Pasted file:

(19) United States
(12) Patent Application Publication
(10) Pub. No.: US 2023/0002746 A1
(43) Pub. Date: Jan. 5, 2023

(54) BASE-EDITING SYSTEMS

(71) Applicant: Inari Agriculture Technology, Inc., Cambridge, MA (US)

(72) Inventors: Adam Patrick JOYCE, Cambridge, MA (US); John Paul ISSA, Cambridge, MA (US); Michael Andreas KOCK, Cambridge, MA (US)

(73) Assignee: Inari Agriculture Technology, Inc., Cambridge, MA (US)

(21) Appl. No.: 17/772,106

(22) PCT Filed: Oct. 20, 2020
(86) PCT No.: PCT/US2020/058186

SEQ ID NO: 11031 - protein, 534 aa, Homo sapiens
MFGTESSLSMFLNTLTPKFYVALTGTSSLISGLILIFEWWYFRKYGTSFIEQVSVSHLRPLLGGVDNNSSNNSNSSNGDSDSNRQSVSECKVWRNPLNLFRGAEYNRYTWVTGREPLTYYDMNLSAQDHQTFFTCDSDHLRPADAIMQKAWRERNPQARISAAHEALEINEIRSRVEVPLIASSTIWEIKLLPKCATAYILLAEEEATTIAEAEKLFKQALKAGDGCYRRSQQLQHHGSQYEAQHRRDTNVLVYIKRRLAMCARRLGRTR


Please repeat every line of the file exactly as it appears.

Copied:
(19) United States
(12) Patent Application Publication
(10) Pub. No.: US 2023/0002746 A1
(43) Pub. Date: Jan. 5, 2023

(54) BASE-EDITING SYSTEMS

(71) Applicant: Inari Agriculture Technology, Inc., Cambridge, MA (US)

(72) Inventors: Adam Patrick JOYCE, Cambridge, MA (US); John Paul ISSA, Cambridge, MA (US); Michael Andreas KOCK, Cambridge, MA (US)

(73) Assignee: Inari Agriculture Technology, Inc., Cambridge, MA (US)

(21) Appl. No.: 17/772,106

(22) PCT Filed: Oct. 20, 2020
(86) PCT No.: PCT/US2020/058186

SEQ ID NO: 11031 - protein, 534 aa, Homo sapiens
MFGTESSLSMFLNTLTPKFYVALTGTSSLISGLILIFEWWYFRKYGTSFIEQVSVSHLRPLLGGVDNNSSNNSNSSNGDSDSNRQSVSECKVWRNPLNLFRGAEYNRYTWVTGREPLTYYDMNLSAQDHQTFFTCDSDHLRPADAIMQKAWRERNPQARISAAHEALEINEIRSRVEVPLIASSTIWEIKLLPKCATAYILLAEEEATTIAEAEKLFKQALKAGDGCYRRSQQLQHHGSQYEAQHRRDTNVLVYIKRRLAMCARRLGRTR